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Commissioners agree on new buffers for cold storage plant
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Effingham County commissioners have approved a new set of buffers around a proposed cold storage facility off Interstate 16.

Developers sought a change in the zoning stipulations on the buffers between the tract, off I-16 and Old River Road, and the neighboring parcels. Of particular concern was a requirement that called for a 400-foot buffer on its border with Van Road.

“A 400 foot buffer basically renders 40 percent of the property undevelopable,” said C.J. Chance, engineer with Hussey, Gay and Bell.

Commissioners agreed to remove the buffers required on I-16 and Old River Road. They also agreed to reduce the buffer on the south side of the property to 50 feet. The 50-foot buffer will be undisturbed.

“I spent a lot of time on this one,” said 1st District Commissioner Forrest Floyd, in whose district the project lies. “A promise was made to these citizens. We’re trying to get everyone on the same page where everyone is satisfied.”

Under the agreement, the company will build a berm along the northern property line as its building is constructed. The berm would be behind a 100-foot undisturbed buffer.

Reconfiguring the buffers also will allow for power and water lines to be brought into the property at a better design, Chance said. The water line will be 160 feet from the property line, according to Chance.

“It is clear from a design side that the best location for the water and the power is as far north as you can put it,” he said. “We realize you can’t put it on the property line. The neighboring residents have to be protected.”

Savannah Cold Storage will put in nearly 5,000 feet of pipe to carry water and power to its operations. The utilities will go within that 400-foot buffer.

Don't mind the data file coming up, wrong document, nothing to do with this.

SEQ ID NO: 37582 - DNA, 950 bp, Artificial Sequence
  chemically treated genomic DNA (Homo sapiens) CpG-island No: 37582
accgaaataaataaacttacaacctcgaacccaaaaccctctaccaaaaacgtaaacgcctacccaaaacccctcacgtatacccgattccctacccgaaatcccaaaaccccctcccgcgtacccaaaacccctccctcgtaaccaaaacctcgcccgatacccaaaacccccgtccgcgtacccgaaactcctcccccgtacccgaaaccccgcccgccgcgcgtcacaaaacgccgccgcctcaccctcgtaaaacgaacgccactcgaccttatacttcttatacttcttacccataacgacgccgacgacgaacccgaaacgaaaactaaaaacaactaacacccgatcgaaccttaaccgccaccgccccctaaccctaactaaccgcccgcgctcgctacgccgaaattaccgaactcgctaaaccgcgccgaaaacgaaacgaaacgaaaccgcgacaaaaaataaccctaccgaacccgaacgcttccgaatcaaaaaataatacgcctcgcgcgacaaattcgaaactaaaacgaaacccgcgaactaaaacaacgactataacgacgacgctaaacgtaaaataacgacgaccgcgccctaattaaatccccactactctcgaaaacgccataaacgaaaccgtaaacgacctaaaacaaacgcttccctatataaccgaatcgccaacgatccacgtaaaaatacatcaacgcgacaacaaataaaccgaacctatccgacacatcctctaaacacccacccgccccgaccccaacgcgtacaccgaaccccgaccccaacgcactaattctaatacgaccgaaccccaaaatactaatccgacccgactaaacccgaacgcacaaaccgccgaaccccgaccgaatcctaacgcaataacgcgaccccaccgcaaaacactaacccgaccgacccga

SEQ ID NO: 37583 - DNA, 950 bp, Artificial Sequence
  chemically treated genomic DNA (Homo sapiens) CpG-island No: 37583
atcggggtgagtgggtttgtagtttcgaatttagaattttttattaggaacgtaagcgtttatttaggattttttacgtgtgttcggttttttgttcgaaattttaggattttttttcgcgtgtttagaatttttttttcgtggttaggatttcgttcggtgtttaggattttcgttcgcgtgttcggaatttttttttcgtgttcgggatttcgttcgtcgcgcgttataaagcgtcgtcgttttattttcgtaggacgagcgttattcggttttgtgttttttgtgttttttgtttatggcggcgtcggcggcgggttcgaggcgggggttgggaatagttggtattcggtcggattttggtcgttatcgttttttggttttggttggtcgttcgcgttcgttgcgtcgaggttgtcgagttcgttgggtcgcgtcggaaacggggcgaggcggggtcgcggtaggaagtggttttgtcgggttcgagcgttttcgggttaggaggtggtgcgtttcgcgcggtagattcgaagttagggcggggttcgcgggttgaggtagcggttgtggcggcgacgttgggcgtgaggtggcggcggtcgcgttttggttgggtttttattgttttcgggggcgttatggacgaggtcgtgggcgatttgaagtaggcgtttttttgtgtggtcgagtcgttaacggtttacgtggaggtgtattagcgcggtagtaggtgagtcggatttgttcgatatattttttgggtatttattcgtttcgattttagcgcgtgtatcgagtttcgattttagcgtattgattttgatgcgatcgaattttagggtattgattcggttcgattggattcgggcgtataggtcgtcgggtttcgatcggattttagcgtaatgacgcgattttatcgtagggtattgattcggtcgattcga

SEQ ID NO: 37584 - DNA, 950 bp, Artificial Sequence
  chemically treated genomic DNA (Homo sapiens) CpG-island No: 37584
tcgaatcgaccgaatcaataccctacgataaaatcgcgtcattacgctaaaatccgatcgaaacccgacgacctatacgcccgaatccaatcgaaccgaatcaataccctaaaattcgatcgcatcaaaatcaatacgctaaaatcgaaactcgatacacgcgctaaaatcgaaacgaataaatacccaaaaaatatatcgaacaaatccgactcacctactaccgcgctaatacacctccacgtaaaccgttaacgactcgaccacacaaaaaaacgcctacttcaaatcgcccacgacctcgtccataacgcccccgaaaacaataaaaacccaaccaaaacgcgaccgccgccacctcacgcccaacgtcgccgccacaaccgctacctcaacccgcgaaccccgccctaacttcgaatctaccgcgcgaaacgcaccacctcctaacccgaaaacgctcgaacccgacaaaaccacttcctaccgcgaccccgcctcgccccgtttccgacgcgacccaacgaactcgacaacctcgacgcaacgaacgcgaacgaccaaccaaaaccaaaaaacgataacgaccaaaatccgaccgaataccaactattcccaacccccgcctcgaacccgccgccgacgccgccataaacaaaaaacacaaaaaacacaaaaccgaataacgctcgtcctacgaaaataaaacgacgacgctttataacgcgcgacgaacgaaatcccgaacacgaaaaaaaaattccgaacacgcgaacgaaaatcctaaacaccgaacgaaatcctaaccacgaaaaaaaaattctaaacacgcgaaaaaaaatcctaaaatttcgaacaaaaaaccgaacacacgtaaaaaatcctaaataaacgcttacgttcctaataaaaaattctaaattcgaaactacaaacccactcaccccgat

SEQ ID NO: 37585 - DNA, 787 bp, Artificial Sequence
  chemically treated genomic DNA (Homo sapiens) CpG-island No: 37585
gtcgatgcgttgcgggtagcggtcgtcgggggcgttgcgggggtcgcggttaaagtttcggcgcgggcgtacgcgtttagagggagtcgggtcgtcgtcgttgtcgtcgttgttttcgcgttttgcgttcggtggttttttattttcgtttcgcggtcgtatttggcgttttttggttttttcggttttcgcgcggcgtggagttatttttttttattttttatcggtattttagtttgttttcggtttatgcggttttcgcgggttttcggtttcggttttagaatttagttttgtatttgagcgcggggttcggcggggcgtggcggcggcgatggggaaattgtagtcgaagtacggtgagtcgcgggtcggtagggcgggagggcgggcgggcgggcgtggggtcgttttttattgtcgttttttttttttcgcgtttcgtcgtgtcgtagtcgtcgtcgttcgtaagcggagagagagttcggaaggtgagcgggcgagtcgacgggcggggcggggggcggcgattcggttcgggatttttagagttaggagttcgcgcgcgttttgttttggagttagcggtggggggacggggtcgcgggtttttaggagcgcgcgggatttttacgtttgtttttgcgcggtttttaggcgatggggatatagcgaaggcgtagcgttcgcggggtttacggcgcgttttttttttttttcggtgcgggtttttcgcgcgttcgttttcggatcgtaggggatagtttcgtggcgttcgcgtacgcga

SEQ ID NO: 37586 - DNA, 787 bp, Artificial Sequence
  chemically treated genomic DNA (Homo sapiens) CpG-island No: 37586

‘It’s a significant investment,” said Savannah Cold Storage CEO Brian Kastick.

The company will build a 100,000 square foot cold storage facility with an initial investment of more than $12.1 million. The starting workforce is projected to be 35 jobs, with an average salary of $39,000 a year, and the company plans to boost the employment rolls to 74 jobs by 2020.

Nearby residents asked commissioners to stick to the original zoning stipulations, passed several years ago.

“I have discussed with my commissioner and he understands how the family feels,” said Craig Vann, who represented the adjoining property owners. “When we first started dealing with this the county made us understand they would work with us taxpayers and not try to take advantage of us. I want the county to make money. I could pay less tax. But I want the county to realize we are county residents. We were here before and we are still going to be here. We need to move forward, but we don’t need to step on the taxpayers.”

Vann also questioned if the company knew what it was doing when it acquired the property.

“If you did your due diligence, you would know what you can do and what you can’t do,” he said. “To me, it seems might hard to understand how you operate a business without doing your due diligence.”

Commissioners also took note of when the original stipulations were passed and the residents’ wishes at the time.

“It was done by past commission under very contentious circumstances,” said Commissioner Vera Jones. “We’re left with trying to be honorable.”

Commissioners approved a water allocation to the company, which will allow Savannah Cold Storage 25,000 gallons per day out of the county’s groundwater withdrawal capacity and 20,000 gallons per day for future expansion. That allocation will make the facility the county’s second-largest user of water, according to Chance.

The company has 24 months from the agreement date — done in October — to begin using the water.

“Since then, we have completed the survey, plans and construction plans,” Chance said.

Effingham Industrial Development Authority CEO John Henry also commended the commissioners’ decision.

“It is not going to split up the property like running the utilities down the middle, which we had originally planned to do,” he said. “It opens up more acreage, so you get more buildings and more facilities on the site. It is going to help the company make a decision on exercising the option.”